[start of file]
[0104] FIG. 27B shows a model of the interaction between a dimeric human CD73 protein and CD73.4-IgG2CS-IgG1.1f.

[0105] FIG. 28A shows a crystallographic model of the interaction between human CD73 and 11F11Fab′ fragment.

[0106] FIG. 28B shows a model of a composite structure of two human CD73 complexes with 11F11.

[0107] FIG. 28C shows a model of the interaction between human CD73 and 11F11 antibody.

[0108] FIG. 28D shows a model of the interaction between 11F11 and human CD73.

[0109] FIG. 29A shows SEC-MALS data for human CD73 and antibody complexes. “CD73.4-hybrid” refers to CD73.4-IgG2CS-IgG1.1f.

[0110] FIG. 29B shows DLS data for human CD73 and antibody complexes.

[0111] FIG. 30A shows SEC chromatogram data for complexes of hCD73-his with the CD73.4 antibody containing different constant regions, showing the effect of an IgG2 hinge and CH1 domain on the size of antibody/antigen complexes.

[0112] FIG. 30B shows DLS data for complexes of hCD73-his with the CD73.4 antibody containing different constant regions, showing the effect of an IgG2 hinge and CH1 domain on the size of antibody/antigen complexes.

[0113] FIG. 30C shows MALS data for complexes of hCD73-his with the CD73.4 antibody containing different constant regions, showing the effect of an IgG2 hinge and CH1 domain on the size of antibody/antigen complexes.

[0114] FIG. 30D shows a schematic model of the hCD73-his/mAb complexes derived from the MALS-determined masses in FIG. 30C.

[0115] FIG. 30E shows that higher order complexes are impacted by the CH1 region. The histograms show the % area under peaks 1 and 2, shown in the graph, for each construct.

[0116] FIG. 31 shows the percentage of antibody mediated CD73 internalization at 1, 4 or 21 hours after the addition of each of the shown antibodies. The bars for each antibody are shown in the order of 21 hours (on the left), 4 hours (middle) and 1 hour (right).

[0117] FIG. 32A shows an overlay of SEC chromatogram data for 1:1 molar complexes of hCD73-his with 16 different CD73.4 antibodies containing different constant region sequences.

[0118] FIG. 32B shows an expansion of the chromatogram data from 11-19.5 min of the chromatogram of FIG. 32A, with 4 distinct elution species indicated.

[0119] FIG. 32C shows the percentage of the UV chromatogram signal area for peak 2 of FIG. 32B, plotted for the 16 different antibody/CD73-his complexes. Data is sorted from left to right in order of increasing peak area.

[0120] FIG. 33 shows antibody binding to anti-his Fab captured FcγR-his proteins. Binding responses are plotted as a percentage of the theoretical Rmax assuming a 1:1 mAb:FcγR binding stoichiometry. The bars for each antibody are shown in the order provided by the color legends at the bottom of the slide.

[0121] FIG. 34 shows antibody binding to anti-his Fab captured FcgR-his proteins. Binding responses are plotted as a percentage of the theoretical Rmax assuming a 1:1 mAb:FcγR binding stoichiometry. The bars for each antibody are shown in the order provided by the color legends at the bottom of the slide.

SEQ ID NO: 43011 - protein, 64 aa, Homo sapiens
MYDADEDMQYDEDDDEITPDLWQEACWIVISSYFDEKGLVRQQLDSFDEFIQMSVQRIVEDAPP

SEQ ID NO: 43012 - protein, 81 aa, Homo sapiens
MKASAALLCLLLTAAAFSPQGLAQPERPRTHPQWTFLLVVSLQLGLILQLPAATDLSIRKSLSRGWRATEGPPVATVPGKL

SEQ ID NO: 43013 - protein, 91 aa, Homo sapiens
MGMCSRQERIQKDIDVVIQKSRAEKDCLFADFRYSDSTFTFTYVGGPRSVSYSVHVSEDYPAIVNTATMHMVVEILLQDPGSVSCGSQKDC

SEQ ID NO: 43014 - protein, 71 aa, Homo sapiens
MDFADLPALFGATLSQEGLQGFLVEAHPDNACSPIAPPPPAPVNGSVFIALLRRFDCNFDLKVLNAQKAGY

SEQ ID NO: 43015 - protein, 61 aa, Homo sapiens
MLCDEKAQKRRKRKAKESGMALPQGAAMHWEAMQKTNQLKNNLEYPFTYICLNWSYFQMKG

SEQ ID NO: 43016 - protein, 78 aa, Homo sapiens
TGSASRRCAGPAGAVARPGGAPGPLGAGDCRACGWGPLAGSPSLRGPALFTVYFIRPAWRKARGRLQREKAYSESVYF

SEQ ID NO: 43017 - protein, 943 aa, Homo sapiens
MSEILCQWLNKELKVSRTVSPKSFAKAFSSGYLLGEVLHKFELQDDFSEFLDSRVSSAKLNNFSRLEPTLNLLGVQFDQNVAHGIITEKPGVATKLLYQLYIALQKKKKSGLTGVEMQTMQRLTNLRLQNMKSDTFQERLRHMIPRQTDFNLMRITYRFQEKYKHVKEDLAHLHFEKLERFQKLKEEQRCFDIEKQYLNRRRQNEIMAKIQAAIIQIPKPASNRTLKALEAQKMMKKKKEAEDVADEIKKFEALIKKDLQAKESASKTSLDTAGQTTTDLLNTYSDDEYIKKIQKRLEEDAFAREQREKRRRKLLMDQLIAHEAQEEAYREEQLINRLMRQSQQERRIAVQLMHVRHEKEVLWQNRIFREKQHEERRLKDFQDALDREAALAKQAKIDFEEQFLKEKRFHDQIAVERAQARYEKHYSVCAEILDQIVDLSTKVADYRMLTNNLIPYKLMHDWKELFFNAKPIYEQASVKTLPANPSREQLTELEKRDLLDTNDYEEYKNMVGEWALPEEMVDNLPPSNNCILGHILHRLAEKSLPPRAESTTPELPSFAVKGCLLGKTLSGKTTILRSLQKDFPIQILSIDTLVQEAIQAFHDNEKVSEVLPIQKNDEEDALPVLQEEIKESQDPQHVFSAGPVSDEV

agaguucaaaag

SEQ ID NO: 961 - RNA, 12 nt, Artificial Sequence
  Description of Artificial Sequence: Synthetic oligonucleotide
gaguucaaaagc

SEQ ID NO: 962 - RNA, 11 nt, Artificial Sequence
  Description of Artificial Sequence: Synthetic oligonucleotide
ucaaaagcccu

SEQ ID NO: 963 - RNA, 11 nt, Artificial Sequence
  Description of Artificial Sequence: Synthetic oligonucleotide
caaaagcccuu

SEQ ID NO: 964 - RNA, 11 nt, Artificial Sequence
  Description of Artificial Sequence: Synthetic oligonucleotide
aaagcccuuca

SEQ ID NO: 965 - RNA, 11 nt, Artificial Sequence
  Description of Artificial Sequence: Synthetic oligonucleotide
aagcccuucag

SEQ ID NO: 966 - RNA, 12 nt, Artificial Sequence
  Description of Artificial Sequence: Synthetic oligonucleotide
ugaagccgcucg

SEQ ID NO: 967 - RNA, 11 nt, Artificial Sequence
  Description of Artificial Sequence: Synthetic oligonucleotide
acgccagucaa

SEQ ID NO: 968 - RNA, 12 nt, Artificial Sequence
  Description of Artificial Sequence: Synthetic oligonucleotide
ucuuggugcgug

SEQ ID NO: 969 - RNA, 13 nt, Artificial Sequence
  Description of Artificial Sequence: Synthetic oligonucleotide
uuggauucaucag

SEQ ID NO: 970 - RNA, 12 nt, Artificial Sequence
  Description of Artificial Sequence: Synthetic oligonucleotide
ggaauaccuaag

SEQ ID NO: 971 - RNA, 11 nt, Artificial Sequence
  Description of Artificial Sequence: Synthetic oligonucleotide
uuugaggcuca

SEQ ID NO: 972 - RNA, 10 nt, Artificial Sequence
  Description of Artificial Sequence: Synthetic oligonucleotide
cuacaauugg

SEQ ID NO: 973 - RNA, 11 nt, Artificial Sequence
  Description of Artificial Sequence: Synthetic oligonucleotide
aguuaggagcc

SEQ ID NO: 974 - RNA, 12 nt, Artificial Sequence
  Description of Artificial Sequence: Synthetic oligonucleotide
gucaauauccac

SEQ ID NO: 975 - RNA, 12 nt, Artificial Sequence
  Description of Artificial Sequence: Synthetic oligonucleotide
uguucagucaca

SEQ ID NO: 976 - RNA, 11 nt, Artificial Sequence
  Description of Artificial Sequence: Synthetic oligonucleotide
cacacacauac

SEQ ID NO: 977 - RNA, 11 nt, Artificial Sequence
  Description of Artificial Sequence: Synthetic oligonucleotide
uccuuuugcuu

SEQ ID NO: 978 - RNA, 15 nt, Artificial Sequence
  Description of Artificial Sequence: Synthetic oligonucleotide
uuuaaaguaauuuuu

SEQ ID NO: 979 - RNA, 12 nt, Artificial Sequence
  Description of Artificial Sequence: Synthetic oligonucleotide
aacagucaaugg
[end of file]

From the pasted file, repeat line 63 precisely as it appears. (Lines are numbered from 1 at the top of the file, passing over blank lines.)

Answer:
ggaauaccuaag